With the World Series dominating sports news this week and the next, it seems a good time to talk about a man who many consider the fastest baseball player who ever lived: Cool Papa Bell.
Unfortunately, because of the color line, Bell never got a chance to play professional baseball. But the stories about him during his Negro Leagues career are some of the best you'll find about any player.
James Thomas Bell was born on May 17, 1903, in Starkville, Mississippi. Bell's mother worked as a sharecropper, but Bell never had any interest in farming or working the soil. All he cared about was baseball.
In 1920 Bell lefty Mississippi for St. Louis, Missouri. The plan was for him to go to night school, but instead Bell played baseball constantly. Eventually he joined his brothers on an amateur team. That led him to sign with the St. Louis Stars of the Negro Leagues in 1922. Ironically, this great centerfielder initially signed as a pitcher.
Indeed, it was as a pitcher that Bell got his legendary nickname. After winning a game and striking out the feared hitter Oscar Charleston, his teammates teased that the young rookie was "cool" under pressure. Manager Bill Gatewood added "Papa" to it, and Cool Papa Bell was born.
With his blazing speed, Bell soon abandoned the mound for center field. Bell's speed gave rise to countless stories. The most incredible was that he hit a slow grounder past the pitcher and was hit by the ball as he slid into second base! However, for a man who was clocked running around the bases in an astounding 12 seconds, this seemed almost routine.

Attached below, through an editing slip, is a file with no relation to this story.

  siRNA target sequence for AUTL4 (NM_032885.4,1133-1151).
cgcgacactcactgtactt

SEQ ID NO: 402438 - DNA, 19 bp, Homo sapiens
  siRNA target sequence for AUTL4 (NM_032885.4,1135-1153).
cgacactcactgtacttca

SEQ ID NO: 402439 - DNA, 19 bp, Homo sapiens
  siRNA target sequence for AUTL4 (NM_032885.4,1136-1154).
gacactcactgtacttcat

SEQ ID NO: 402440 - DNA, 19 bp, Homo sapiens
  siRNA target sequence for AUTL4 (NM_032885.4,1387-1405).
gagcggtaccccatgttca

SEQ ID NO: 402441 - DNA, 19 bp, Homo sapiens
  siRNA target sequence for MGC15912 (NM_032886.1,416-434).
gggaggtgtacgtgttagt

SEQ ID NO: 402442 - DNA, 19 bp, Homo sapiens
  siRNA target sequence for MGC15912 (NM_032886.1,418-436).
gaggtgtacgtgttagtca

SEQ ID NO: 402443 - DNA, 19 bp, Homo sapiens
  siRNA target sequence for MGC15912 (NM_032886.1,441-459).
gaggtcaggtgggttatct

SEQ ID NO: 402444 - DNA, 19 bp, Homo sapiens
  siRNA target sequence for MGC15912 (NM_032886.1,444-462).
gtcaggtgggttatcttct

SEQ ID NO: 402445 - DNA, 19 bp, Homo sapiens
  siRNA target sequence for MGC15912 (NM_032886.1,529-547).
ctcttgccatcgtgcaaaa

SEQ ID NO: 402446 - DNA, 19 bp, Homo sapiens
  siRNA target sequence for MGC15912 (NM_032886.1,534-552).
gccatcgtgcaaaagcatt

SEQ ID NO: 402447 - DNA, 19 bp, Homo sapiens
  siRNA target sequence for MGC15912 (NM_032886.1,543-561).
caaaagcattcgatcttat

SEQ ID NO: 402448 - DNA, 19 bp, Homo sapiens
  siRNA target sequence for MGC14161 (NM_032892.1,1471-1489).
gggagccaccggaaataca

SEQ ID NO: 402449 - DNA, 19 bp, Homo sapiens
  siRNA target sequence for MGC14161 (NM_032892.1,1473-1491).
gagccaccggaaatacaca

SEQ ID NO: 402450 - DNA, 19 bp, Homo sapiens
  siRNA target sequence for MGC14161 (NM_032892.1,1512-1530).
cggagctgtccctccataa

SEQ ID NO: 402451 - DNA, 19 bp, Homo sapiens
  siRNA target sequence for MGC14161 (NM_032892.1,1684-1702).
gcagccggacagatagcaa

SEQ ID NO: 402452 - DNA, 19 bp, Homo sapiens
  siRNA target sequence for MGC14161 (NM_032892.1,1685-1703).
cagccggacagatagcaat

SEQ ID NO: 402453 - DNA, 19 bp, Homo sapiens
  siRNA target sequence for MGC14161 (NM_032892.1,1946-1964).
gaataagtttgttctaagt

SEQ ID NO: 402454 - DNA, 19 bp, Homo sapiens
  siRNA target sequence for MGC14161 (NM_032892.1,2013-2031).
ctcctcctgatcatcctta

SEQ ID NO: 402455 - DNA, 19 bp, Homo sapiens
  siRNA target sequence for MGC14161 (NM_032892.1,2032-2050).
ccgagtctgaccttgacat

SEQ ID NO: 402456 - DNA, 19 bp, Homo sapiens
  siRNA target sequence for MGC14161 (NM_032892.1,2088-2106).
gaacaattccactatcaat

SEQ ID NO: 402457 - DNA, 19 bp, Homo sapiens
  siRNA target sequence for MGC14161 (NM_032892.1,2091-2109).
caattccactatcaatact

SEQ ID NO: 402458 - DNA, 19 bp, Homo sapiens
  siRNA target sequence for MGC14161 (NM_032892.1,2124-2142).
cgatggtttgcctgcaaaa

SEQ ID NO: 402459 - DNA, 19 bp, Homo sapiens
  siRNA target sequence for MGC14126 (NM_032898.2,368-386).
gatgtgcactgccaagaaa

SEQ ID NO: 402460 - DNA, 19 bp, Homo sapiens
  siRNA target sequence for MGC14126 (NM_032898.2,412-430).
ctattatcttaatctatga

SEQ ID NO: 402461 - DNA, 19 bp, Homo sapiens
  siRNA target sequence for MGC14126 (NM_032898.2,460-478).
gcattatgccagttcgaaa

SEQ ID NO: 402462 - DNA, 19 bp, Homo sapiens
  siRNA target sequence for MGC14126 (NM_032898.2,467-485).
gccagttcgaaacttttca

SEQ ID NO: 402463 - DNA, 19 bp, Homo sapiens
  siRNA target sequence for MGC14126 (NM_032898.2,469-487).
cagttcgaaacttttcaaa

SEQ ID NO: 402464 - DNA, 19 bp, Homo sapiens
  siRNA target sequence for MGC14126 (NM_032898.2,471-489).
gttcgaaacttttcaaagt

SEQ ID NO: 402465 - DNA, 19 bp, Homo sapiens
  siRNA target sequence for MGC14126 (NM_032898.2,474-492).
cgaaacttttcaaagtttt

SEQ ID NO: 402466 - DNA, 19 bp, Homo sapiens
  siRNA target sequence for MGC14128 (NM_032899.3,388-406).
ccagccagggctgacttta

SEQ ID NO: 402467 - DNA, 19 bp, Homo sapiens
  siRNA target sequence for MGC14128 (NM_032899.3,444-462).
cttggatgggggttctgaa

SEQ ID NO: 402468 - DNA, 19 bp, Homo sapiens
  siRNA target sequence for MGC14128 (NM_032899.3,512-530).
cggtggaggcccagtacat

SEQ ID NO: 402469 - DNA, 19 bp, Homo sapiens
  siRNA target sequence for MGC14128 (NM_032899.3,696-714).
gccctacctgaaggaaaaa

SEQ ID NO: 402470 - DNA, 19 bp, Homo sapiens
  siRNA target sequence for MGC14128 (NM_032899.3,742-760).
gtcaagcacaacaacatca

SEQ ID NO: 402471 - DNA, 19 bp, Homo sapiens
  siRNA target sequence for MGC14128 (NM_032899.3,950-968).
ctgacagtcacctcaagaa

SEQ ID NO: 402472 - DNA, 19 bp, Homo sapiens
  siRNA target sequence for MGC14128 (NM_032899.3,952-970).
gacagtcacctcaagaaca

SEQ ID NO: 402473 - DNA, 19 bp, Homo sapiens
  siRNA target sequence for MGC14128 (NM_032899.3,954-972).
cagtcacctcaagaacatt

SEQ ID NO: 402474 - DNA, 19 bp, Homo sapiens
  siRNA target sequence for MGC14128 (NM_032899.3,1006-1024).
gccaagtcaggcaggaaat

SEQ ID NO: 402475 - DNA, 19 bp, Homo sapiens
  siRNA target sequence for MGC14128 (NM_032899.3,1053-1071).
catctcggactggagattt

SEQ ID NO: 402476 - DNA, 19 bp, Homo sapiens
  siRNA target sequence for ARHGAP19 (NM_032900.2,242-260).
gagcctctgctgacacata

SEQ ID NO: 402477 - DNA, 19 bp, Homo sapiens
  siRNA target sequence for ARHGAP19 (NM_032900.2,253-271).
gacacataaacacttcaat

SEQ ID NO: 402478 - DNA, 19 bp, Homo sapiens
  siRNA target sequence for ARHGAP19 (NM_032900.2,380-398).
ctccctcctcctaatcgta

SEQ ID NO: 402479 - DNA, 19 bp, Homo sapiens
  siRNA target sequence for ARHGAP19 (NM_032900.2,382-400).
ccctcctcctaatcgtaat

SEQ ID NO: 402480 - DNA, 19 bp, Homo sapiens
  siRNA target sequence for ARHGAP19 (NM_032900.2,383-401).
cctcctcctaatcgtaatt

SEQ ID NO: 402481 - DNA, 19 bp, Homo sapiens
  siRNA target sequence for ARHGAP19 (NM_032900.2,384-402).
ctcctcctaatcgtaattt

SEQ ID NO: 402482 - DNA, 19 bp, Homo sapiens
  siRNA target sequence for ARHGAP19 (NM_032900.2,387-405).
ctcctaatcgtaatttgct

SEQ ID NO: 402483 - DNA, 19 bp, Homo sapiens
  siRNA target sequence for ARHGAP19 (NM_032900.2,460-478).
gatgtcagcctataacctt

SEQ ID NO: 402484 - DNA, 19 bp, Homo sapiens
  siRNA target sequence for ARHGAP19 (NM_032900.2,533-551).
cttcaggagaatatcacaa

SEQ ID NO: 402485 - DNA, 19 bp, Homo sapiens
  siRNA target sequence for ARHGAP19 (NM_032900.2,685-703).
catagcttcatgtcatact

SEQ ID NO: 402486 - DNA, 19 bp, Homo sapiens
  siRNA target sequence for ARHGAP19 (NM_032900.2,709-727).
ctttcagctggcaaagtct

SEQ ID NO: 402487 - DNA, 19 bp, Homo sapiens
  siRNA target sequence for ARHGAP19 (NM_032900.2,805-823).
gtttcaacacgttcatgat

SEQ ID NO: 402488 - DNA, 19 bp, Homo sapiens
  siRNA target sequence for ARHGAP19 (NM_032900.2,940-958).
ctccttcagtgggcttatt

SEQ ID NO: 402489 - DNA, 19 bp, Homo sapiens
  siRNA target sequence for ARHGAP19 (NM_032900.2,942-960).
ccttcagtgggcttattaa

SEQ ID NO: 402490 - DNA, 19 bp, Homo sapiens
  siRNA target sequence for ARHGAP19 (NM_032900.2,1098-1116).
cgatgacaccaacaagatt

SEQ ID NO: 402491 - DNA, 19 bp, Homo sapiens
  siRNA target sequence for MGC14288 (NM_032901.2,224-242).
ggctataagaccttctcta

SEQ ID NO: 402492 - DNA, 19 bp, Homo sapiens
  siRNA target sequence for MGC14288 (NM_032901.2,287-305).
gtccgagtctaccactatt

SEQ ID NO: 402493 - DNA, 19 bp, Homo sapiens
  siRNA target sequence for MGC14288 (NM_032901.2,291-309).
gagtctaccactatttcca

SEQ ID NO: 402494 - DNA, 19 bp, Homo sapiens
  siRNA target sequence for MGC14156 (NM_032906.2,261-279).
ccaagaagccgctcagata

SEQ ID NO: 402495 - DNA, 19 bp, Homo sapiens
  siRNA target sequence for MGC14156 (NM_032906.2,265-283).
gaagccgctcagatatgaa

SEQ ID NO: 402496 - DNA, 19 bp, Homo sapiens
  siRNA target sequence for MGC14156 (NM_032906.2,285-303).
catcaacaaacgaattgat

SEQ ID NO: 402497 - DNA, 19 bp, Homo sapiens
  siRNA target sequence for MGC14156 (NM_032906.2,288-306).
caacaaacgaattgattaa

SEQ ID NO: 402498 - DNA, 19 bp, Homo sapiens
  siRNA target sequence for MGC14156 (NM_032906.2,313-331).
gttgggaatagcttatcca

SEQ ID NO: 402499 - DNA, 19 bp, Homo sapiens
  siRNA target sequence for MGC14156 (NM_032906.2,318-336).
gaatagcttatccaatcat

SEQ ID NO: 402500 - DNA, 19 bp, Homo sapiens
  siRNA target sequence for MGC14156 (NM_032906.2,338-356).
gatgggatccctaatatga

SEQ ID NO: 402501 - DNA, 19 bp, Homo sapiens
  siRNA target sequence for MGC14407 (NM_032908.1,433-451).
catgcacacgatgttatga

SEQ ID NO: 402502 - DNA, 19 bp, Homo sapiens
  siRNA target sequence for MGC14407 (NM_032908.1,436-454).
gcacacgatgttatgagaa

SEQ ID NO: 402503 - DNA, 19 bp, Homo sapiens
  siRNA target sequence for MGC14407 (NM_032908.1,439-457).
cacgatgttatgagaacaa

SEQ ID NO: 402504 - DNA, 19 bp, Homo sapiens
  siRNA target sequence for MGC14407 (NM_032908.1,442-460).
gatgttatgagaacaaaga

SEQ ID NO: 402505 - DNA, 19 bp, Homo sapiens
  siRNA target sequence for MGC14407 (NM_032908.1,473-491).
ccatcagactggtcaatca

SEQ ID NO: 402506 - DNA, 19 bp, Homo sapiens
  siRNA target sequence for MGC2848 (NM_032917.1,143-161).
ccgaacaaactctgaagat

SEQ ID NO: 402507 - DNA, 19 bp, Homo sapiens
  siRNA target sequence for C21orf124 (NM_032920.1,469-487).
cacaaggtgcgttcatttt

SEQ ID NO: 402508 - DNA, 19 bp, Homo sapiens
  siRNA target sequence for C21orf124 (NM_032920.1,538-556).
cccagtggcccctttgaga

The funniest story was the time Bell checked into a hotel room before roommate Satchel Paige and noticed that there was a delay from when he turned off the light switch to when the light actually went off. When Paige came in, Bell bet him that he was so fast that he could turn off the light switch and get into bed before the light went out. An amused Paige took the bet, and Bell proceeded to do it numerous times before Paige got wise.
Paige said of Bell: "If Cool Papa had known about colleges, or if colleges had known about Cool Papa, Jesse Owens [the famous Olympic sprinter] would have looked like he was walking." Owens refused numerous invitations to race against Bell. One of Bell's trademarks was stealing two bases on one pitch. One season he was credited with stealing 175 bases. He was sometimes described as the only man who could steal first base.
Unfortunately, Bell was denied his chance to play in the major leagues. He was too old when Jackie Robinson finally broke the color line in 1947. But Bell was never bitter. "They say that I was born too soon. I say the doors were opened too late," he said.
Bell was inducted into the Baseball Hall of Fame in 1974. He died in 1991.